Magistrate raises alarm over police confusion about protection orders

SA Police. (Duncan Alfreds, News24)
SA Police. (Duncan Alfreds, News24)

Police must deal with a criminal complaint first, and then may advise a person reporting domestic violence that they also have the option of applying to court for a protection order – not the other way around, Cape Town Family Court Magistrate Alta Le Roux said on Friday.

She was speaking at the first Victim Empowerment Programme local forum launched in Milnerton, north of Cape Town, which aims to coordinate responses between government agencies and NGOs to remove what Western Cape social development MEC Albert Fritz described as "bureaucratic blockages" in his opening remarks.

The forum falls under the Department of Social Development and intends to have regular meetings between departments including health and police, and the NGOs that provide shelter and other assistance.

Le Roux told those in attendance that some police officers demand protection orders from women reporting domestic violence before helping them with the actual crime that they are trying to report.

"It's not wrong to refer her to me, but it is still a criminal offence (the crime she tried to report)," said Le Roux.

She said there had been complaints that officers at Milnerton, Table View and other police stations had told victims they could only get help from police if they already had a protection order. This is contrary to several laws that give victims the right to seek protection and assistance.

Interim order, final order

They are also told by some police officers that once a warrant had lapsed, they cannot do anything for the victim anymore.

She said there was a difference between an interim protection order and a final protection order. There seemed to be confusion in differentiating between the two, which was leading some officers to claiming that they could only help a victim once the victim had a final protection order.

She stressed that nobody could be turned away by the police on the grounds that they did not already have a protection order.

She relayed a recent case where an ex-boyfriend was accused of attempted rape after the girl's mother had intervened and taken the child to the police station. In that case, the mother and daughter were sent away for a lack of a protection order instead of the police investigating and arresting the alleged rapist.

She said the difference between an interim order and a final order was that, with the interim order the respondent was informed of what they may or may not do in terms of the order. A magistrate then decides whether to make it final after hearing from both parties.

Breaching the terms of an interim order is an offence because it is still considered a protection order.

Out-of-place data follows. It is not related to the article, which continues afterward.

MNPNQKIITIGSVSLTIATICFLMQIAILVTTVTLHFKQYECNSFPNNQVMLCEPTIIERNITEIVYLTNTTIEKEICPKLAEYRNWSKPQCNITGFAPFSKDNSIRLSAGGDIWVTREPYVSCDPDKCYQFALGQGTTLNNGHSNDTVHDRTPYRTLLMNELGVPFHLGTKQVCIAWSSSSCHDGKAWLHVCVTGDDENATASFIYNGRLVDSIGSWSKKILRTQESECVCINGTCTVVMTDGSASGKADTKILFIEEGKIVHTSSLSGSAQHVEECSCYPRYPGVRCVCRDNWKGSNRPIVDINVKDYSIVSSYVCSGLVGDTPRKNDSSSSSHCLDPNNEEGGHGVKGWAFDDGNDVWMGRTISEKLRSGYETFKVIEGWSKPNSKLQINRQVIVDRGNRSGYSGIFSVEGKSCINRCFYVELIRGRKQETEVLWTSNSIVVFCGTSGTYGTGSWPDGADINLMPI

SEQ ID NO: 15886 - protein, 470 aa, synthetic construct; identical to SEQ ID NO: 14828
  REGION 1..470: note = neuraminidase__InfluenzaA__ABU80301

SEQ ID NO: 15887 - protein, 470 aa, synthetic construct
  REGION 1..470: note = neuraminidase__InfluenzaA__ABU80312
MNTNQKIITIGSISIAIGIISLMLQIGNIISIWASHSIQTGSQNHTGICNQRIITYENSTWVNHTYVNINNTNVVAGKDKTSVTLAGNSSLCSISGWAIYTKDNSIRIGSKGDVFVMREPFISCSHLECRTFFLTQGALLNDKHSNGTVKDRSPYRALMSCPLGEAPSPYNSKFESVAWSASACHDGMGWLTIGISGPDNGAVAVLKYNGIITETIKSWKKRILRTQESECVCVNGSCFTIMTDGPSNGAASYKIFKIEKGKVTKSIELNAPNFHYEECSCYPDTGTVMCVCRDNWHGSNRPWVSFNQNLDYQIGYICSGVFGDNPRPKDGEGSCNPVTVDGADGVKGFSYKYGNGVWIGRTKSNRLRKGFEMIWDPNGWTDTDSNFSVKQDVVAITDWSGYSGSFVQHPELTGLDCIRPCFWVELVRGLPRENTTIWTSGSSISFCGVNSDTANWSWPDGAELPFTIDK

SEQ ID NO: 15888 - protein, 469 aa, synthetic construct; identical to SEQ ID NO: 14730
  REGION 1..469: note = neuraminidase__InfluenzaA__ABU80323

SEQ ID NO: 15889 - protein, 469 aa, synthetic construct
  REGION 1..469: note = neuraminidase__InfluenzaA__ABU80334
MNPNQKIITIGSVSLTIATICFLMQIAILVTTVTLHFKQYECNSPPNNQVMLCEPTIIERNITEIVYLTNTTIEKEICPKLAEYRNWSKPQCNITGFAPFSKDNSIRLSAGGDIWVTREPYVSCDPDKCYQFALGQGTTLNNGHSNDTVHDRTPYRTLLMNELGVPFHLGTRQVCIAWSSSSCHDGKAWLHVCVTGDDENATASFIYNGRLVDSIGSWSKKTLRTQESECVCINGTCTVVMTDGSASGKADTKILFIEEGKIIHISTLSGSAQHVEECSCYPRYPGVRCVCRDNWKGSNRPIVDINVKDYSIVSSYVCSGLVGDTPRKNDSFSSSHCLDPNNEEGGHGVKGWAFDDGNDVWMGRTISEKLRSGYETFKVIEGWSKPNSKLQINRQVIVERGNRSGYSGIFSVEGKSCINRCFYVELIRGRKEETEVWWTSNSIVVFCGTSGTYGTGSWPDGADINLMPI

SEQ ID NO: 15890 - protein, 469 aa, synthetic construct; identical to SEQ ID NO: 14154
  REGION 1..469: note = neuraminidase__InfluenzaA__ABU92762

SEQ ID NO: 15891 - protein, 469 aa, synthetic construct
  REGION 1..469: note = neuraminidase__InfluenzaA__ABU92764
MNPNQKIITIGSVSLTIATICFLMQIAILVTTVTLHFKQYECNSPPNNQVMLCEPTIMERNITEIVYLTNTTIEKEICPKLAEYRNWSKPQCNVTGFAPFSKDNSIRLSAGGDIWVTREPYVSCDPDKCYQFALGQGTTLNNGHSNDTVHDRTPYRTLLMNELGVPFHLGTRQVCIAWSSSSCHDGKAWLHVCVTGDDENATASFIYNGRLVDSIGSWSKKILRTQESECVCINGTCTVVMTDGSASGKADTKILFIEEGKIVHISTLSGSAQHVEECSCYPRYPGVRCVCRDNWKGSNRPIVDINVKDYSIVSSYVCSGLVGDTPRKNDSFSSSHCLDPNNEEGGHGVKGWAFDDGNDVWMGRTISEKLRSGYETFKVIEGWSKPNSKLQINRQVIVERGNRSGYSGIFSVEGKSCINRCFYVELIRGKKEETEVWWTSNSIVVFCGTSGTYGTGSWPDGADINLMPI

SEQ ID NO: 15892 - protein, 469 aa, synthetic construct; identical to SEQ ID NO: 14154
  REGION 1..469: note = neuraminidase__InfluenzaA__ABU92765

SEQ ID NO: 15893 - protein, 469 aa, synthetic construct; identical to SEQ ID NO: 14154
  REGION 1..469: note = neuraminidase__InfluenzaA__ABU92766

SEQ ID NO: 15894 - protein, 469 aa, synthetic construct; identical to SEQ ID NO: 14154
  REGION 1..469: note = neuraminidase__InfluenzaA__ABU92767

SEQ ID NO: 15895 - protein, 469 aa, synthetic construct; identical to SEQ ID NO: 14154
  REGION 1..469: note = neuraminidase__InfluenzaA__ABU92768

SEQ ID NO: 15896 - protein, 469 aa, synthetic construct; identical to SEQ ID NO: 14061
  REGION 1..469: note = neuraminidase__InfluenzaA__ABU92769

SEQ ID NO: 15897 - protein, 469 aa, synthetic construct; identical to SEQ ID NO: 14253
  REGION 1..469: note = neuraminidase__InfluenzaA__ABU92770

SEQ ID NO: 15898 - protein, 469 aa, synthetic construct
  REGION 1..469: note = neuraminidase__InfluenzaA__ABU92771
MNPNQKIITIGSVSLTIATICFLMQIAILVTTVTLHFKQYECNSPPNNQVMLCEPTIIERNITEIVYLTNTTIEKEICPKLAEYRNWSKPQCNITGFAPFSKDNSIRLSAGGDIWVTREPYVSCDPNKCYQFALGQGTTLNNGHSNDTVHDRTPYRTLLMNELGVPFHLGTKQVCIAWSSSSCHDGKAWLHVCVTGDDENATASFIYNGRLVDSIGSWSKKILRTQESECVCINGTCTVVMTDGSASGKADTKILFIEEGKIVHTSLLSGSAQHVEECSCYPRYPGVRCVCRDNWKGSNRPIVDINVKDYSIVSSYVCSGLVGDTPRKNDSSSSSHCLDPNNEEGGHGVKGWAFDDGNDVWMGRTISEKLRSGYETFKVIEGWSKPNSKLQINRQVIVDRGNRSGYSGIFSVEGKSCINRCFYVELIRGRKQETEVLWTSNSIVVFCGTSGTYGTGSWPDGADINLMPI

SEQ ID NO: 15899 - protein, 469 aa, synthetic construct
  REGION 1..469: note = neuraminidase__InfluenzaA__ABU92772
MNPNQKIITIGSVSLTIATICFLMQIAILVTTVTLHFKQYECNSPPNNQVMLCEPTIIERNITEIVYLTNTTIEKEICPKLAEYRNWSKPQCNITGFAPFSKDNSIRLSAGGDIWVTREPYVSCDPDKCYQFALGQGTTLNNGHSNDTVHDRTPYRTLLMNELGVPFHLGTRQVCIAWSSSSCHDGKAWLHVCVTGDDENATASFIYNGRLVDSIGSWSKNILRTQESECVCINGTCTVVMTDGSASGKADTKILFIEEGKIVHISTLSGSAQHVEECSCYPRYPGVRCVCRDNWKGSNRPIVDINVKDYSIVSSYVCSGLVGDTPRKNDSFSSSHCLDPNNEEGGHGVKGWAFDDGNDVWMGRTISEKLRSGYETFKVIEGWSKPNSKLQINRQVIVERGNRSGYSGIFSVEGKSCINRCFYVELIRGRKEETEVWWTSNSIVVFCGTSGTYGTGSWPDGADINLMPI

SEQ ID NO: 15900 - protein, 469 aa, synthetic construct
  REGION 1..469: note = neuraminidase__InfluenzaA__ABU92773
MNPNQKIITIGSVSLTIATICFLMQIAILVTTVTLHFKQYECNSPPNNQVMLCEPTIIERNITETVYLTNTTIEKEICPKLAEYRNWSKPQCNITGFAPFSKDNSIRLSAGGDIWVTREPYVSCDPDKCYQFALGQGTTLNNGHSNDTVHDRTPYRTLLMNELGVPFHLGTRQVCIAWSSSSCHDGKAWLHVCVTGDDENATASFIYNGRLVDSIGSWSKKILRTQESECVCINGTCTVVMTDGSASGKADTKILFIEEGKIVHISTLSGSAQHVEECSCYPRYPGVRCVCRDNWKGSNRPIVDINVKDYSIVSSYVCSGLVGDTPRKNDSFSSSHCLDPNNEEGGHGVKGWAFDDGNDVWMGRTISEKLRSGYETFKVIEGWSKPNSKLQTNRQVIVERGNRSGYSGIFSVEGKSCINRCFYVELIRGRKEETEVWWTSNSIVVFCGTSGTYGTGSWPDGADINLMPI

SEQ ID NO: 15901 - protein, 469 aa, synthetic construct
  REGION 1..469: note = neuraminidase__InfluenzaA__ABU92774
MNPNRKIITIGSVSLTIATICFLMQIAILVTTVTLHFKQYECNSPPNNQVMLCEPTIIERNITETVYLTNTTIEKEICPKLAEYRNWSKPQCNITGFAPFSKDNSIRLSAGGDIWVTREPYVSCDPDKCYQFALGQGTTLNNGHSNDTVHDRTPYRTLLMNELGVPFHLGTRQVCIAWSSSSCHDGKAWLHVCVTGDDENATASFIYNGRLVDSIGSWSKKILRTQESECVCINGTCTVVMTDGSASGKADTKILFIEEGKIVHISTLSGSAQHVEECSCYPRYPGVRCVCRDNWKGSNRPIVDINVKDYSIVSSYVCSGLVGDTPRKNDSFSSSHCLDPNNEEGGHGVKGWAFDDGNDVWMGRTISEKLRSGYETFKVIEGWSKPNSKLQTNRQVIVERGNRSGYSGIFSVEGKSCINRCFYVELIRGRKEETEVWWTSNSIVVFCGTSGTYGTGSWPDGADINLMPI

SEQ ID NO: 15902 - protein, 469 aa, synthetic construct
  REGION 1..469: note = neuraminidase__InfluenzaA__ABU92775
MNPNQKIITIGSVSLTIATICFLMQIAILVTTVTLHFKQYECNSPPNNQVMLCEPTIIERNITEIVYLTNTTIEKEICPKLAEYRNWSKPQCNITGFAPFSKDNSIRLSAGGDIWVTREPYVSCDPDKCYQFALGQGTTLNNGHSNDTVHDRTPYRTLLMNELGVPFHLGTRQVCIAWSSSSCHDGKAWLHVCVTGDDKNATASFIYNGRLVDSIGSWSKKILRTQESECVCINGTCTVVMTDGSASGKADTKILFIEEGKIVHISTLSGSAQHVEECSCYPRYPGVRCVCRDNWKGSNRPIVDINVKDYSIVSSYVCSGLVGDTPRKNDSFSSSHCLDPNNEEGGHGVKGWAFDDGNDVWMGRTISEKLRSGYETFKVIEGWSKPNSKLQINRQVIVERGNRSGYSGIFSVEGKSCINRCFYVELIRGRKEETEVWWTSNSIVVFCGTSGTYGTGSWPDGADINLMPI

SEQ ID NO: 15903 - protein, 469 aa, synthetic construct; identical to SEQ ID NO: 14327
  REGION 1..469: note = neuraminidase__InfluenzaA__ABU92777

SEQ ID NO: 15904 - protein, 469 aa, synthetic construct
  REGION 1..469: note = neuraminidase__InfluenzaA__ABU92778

Under-resourced court

She urged the South Africa Police Service (SAPS) to attend to this confusion in its ranks.

She said the Cape Town Family Court, on the first floor on the corner of Caledon and Buitengracht streets, was under-resourced with only two of four courts operating for victims. 

It also did not have enough clerks and interpreters to deal with the volumes of information that people give officials while applying for protection orders, and this meant that sometimes people did not get the service they expected.

"And that is unacceptable. And that is something government needs to sort out."

Le Roux said the handful of staff tried their best to assist and also have to look for hidden signs such as injuries that the victims had not spoken of, and then help them fill in an affidavit to record these details.

"Some of them have become so used to being beaten and don't even show any emotions. That is unacceptable. We have to not fail our victims, but support them."

Risk of law suits

She said she was also told that police did not want to help when a protection order might lead to the accused having to move out of their home.

"They [police] need to go with to get his clothes because she is obviously in danger, because remember, we have actually heard evidence.

"It is not a civil eviction where SAPS can indicate: 'Oh we can't evict, we are going to get sued'.

"You may get sued by the family of the woman if she dies for not giving effect to a court order," warned Le Roux.

"We need to address this because people die, women die.

"That person sitting behind the desk needs to understand that it is not a normal crime. So be a bit empathetic."

Red flags

She said there had been an increase in complaints of victims being told: "I see it is your boyfriend, your husband, go to Family Court."

"As soon as they see it happened in a family set up, or a partnership set up, they send people to Family Court instead of handling the crime itself first."

She noted that court sees primarily women and children, but has noticed an increase in the number of parents seeking protection orders against children who have problems with drugs becoming violent.

Lieutenant Colonel Taswell Paulse, section head for gender-based violence and victim empowerment said: "Police must provide a professional, accessible and sensitive service to victims of crime and violence during the reporting and investigation of crime."

They must also watch for "red flags" such as instances where the same person opens a case and withdraws it repeatedly because this could be a sign of a deeper problem at home.

He warned that besides depriving victims of the service they are entitled to, not handling complaints at police level also opened the department to potential successful civil suits.

He urged the forum not to become a platform for airing out complaints, but a place where all the relevant government agencies and NGOs can work together for the benefit of the victims.

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